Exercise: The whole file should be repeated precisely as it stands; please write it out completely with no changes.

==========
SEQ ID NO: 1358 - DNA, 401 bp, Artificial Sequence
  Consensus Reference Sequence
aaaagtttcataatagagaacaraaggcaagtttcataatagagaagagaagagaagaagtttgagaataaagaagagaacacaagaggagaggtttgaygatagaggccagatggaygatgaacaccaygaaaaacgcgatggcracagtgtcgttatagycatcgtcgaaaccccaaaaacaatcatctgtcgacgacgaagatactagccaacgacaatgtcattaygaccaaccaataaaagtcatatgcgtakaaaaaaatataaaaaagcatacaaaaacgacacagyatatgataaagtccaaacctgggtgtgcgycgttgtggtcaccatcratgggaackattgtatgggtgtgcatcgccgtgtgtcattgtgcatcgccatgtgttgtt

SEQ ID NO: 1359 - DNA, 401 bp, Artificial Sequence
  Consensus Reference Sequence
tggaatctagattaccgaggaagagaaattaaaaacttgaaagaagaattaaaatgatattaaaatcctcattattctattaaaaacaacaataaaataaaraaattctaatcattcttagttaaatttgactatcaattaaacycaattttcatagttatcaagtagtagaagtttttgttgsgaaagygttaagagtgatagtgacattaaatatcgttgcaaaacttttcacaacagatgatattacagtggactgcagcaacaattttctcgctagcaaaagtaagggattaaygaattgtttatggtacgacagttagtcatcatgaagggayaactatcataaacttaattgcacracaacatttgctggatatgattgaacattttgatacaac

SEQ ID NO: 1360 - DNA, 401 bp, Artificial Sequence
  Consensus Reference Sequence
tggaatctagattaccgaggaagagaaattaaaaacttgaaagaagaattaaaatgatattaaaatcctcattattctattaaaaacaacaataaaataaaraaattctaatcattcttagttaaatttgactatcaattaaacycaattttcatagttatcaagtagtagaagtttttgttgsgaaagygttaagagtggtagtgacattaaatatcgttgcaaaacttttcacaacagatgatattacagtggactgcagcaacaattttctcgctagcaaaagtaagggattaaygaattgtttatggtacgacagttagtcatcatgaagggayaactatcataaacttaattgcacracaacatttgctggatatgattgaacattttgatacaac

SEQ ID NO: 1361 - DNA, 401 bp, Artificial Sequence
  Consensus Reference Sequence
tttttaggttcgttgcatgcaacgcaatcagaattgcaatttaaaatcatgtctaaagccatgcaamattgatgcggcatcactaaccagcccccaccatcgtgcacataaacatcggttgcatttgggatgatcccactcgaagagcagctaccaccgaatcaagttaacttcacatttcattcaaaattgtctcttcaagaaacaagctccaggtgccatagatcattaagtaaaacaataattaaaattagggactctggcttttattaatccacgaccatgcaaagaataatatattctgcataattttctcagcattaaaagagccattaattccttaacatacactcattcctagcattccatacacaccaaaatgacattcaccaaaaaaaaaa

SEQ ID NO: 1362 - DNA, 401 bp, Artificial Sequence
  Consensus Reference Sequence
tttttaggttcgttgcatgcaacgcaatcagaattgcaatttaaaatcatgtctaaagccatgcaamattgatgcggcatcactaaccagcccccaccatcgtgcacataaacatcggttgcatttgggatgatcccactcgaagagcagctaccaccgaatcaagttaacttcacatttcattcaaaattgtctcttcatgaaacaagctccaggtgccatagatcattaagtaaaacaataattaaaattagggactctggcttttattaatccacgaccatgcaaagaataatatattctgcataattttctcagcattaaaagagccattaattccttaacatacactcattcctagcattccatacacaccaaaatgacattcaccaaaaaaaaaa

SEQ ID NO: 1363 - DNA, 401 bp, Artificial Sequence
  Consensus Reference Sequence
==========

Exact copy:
SEQ ID NO: 1358 - DNA, 401 bp, Artificial Sequence
  Consensus Reference Sequence
aaaagtttcataatagagaacaraaggcaagtttcataatagagaagagaagagaagaagtttgagaataaagaagagaacacaagaggagaggtttgaygatagaggccagatggaygatgaacaccaygaaaaacgcgatggcracagtgtcgttatagycatcgtcgaaaccccaaaaacaatcatctgtcgacgacgaagatactagccaacgacaatgtcattaygaccaaccaataaaagtcatatgcgtakaaaaaaatataaaaaagcatacaaaaacgacacagyatatgataaagtccaaacctgggtgtgcgycgttgtggtcaccatcratgggaackattgtatgggtgtgcatcgccgtgtgtcattgtgcatcgccatgtgttgtt

SEQ ID NO: 1359 - DNA, 401 bp, Artificial Sequence
  Consensus Reference Sequence
tggaatctagattaccgaggaagagaaattaaaaacttgaaagaagaattaaaatgatattaaaatcctcattattctattaaaaacaacaataaaataaaraaattctaatcattcttagttaaatttgactatcaattaaacycaattttcatagttatcaagtagtagaagtttttgttgsgaaagygttaagagtgatagtgacattaaatatcgttgcaaaacttttcacaacagatgatattacagtggactgcagcaacaattttctcgctagcaaaagtaagggattaaygaattgtttatggtacgacagttagtcatcatgaagggayaactatcataaacttaattgcacracaacatttgctggatatgattgaacattttgatacaac

SEQ ID NO: 1360 - DNA, 401 bp, Artificial Sequence
  Consensus Reference Sequence
tggaatctagattaccgaggaagagaaattaaaaacttgaaagaagaattaaaatgatattaaaatcctcattattctattaaaaacaacaataaaataaaraaattctaatcattcttagttaaatttgactatcaattaaacycaattttcatagttatcaagtagtagaagtttttgttgsgaaagygttaagagtggtagtgacattaaatatcgttgcaaaacttttcacaacagatgatattacagtggactgcagcaacaattttctcgctagcaaaagtaagggattaaygaattgtttatggtacgacagttagtcatcatgaagggayaactatcataaacttaattgcacracaacatttgctggatatgattgaacattttgatacaac

SEQ ID NO: 1361 - DNA, 401 bp, Artificial Sequence
  Consensus Reference Sequence
tttttaggttcgttgcatgcaacgcaatcagaattgcaatttaaaatcatgtctaaagccatgcaamattgatgcggcatcactaaccagcccccaccatcgtgcacataaacatcggttgcatttgggatgatcccactcgaagagcagctaccaccgaatcaagttaacttcacatttcattcaaaattgtctcttcaagaaacaagctccaggtgccatagatcattaagtaaaacaataattaaaattagggactctggcttttattaatccacgaccatgcaaagaataatatattctgcataattttctcagcattaaaagagccattaattccttaacatacactcattcctagcattccatacacaccaaaatgacattcaccaaaaaaaaaa

SEQ ID NO: 1362 - DNA, 401 bp, Artificial Sequence
  Consensus Reference Sequence
tttttaggttcgttgcatgcaacgcaatcagaattgcaatttaaaatcatgtctaaagccatgcaamattgatgcggcatcactaaccagcccccaccatcgtgcacataaacatcggttgcatttgggatgatcccactcgaagagcagctaccaccgaatcaagttaacttcacatttcattcaaaattgtctcttcatgaaacaagctccaggtgccatagatcattaagtaaaacaataattaaaattagggactctggcttttattaatccacgaccatgcaaagaataatatattctgcataattttctcagcattaaaagagccattaattccttaacatacactcattcctagcattccatacacaccaaaatgacattcaccaaaaaaaaaa

SEQ ID NO: 1363 - DNA, 401 bp, Artificial Sequence
  Consensus Reference Sequence